On July 2, the main structure of the Orion Multi-Purpose Crew Vehicle (MPCV) spacecraft is scheduled to arrive at the Kennedy Space Center in Florida. The Orion will be delivered from NASA’s Michoud Assembly Facility located in New Orleans, where engineers have been busy constructing the main structure of the spacecraft. Orion’s delivery to KSC will mark a critical milestone in the preparation for its first test flight currently scheduled to take place in 2014.
That first test flight, called Exploration Flight Test-1 (EFT-1), will see the Lockheed-Martin-built spacecraft thunder away from Earth atop a mammoth 24-story tall United Launch Alliance (ULA) Delta-IV Heavy rocket. The mission will launch from Cape Canaveral Air Force Station’s Space Launch Complex 37 (SLC-37).
Orion will orbit the Earth twice and remain attached to the upper stage of the Delta-IV rocket. After the first orbit, the vehicle will perform a burn to reach an altitude of more than 3,600 miles – fifteen times higher than the orbit of the International Space Station and ten times higher than any human-rated spacecraft has been since 1972 when the crew of Apollo 17 visited the moon. Orion will then detach from the Delta-IV upper stage and re-enter the Earth’s atmosphere at more than 20,000 miles per hour – nearly 5,000 miles per hour faster than the space shuttle. It will then parachute gently into the Pacific Ocean off the west coast United States.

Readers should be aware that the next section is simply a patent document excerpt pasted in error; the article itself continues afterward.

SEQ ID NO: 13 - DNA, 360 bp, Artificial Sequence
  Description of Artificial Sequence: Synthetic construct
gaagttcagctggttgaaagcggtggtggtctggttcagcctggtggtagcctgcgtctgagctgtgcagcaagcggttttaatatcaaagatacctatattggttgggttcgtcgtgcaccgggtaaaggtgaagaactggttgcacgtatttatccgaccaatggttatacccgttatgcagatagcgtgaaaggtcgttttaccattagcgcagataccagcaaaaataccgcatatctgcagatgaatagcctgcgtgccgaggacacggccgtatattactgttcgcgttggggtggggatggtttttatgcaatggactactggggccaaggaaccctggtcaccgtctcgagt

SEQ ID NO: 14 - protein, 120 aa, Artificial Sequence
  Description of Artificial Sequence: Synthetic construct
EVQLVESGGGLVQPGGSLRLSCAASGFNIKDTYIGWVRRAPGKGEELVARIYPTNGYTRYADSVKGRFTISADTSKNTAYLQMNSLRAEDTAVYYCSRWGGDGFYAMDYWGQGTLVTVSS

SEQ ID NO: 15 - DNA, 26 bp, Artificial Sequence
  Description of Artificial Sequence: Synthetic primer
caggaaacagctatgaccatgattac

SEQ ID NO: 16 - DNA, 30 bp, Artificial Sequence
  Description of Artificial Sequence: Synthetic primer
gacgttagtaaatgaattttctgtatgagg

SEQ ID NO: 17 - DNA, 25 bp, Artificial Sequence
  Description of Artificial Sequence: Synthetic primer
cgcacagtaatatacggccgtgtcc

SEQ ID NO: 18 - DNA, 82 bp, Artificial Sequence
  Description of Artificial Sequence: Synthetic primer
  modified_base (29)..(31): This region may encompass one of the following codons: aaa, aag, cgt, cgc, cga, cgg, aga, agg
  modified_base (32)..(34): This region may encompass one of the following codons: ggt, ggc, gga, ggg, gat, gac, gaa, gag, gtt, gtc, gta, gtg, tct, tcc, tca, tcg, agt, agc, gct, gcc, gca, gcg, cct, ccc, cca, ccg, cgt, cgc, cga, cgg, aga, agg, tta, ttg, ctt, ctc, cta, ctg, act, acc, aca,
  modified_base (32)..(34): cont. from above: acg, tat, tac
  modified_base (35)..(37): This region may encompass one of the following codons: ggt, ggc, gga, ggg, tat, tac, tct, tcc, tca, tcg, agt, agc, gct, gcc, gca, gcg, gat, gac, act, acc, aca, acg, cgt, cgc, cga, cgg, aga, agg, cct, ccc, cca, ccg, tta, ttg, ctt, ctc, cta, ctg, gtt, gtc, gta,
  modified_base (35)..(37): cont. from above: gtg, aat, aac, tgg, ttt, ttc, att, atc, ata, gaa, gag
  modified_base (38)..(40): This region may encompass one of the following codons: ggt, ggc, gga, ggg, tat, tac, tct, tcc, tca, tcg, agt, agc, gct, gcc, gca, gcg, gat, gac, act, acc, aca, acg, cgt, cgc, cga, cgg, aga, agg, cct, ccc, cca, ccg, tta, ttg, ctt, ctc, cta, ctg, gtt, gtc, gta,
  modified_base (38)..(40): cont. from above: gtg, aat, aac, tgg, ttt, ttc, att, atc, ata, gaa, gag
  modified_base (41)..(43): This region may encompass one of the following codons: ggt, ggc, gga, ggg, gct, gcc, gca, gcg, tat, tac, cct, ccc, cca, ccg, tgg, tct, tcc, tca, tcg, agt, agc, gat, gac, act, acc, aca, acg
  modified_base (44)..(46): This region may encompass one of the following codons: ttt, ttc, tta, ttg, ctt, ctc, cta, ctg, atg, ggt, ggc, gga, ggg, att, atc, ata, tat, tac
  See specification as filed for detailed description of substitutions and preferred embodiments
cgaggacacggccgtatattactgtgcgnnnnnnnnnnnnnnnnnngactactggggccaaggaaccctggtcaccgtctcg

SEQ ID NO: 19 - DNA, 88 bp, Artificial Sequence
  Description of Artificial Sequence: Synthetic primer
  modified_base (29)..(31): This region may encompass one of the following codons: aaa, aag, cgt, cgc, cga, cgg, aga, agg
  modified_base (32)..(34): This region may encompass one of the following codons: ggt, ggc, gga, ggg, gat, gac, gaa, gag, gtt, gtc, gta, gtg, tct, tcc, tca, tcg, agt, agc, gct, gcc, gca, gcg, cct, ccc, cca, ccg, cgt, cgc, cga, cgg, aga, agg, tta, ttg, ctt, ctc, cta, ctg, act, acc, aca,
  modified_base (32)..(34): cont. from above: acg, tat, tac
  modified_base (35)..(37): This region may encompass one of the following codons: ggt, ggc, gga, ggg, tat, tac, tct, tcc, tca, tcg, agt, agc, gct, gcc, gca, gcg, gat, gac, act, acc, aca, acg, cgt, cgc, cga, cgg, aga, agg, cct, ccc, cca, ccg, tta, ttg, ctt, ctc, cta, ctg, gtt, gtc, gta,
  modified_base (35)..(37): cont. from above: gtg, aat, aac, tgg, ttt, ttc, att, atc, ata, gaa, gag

VIDEO: Animation of the anticipated 2014 test flight of the Orion Multi-Purpose Crew Vehicle (MPCV) on Exploration Flight Test-1 (EFT-1). Video Credit: NASAtelevision
Orion needs to demonstrate its thermal protection system works on re-entry, enduring temperatures 2,000 degrees hotter than any manned spacecraft since the days of Apollo. The plan is for the vehicle to ultimately be used for crewed deep-space missions on NASA’s Space Launch System (SLS) in the coming years. The EFT-1 re-entry phase of the flight will mirror return flights astronauts will endure when returning from voyages beyond low-Earth orbit (LEO).